AMMAN - Syrian forces and militiamen loyal to President Bashar Assad killed 10 people in attacks on residential districts in Homs on Monday, the Local Coordination Committees activist group said.
"Tens of people have been also wounded. Security forces and shabbiha (militiamen) are rampaging in streets and firing randomly. Whole neighborhoods are besieged," the group said in a statement sent to Reuters.
'Syria officially recognizes Palestinian state'
Clashes between opposing factions kill 30 in Syria
Syria saw its first major sectarian violence in four months of protests against Assad's rule when 30 people were killed at the weekend in clashes in Homs between members of the minority Alawite sect, who dominate the security apparatus, and the majority Sunni population.
Diplomatic pressure mounted on Assad on Monday after Qatar, previously a major supporter, shut its embassy in Damascus and the European Union said it was considering tougher sanctions.
Assad, an Alawite, has been waging a military campaign to try and crush the uprising for political freedoms, during which troops and security forces killed over 1,400 civilians and arrested over 12,000 Syrians, according to rights campaigners.
A 12-year old boy was among those killed in Homs on Monday the Local Coordination Committees said, adding that the attacks focused on the al-Khalidiya district of the city.
The neighbourhood is inhabited by members of Sunni tribes from rural Homs and is near the Alawite district of Nozha, where most of the militiamen and security forces in the city live.
Homs, a mostly Sunni city that has seen an influx of Alawites in the last 20 years as the community firmed its grip on the security and public jobs, has been a focal point of the uprising since the military stormed its main Sunni districts two months ago to crush protests calling for Assad to quit.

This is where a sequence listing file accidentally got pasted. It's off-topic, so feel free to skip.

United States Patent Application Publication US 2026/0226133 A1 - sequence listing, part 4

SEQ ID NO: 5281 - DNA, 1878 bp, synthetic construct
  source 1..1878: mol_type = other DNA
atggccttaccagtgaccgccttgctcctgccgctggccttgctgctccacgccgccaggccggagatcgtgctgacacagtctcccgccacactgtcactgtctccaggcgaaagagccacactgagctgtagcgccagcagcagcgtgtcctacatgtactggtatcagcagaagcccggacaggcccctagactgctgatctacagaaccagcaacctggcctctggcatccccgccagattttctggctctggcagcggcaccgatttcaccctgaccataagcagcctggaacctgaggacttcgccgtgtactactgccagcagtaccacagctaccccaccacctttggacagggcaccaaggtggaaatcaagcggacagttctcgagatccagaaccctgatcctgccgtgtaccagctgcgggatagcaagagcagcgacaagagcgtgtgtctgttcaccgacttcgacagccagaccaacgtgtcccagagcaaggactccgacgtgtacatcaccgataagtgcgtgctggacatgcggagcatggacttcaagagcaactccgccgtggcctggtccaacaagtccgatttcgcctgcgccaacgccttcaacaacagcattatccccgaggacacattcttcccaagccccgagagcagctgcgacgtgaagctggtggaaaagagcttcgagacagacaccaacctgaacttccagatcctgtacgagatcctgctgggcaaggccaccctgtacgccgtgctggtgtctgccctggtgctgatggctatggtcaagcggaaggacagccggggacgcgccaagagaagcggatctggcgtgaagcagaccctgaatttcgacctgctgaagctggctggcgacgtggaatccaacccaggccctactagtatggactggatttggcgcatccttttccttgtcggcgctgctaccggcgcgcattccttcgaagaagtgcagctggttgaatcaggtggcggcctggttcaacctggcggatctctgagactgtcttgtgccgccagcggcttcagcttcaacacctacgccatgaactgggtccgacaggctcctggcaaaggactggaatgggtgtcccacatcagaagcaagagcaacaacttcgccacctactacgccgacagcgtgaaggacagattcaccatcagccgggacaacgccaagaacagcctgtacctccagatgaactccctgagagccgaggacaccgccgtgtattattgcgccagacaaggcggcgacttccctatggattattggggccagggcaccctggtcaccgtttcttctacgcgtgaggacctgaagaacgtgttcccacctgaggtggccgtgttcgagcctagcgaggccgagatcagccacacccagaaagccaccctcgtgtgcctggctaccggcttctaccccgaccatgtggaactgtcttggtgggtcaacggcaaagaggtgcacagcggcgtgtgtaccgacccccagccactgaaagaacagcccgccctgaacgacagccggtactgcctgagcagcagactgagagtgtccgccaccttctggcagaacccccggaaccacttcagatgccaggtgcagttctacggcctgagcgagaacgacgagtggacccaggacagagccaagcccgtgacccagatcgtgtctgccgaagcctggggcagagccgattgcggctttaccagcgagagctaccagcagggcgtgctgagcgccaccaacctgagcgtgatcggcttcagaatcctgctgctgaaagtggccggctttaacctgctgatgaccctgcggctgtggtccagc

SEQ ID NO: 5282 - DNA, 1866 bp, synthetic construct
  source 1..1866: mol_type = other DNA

One resident of Homs, a lawyer who did not want to be identified, said tribal members in the Khaldieh area had responded to attacks by Alawite militiamen from the Nozha area on their shops by killing several of the gunmen.
"The Christians are staying out of this," he said. "Basically you have
two armed neighbourhoods in Homs and the tribes are now starting to
settle scores with the regime," the lawyer said.
"The magic is turning against the magician. The regime thought that if
it feeds the tribes and allows them to carry AK-47s it will secure their
loyalty forever," he said. "The repression, however, is turning them
Bodies of Assad supporters were returned to their relatives mutilated on
the weekend, the Syrian Observatory for Human Rights said.
Mohammad Saleh, an activist and a resident of Homs, said group of
Alawite men, including four policemen, went missing on Thursday. The
bodies of four of them were found on Saturday with their eyes gouged
out. Six more bodies were found on Sunday.
Alawites make up an estimated 20 percent of the population of Homs but
as a result of preferential treatment by the state, hold 60 percent of
the public sector jobs in the city.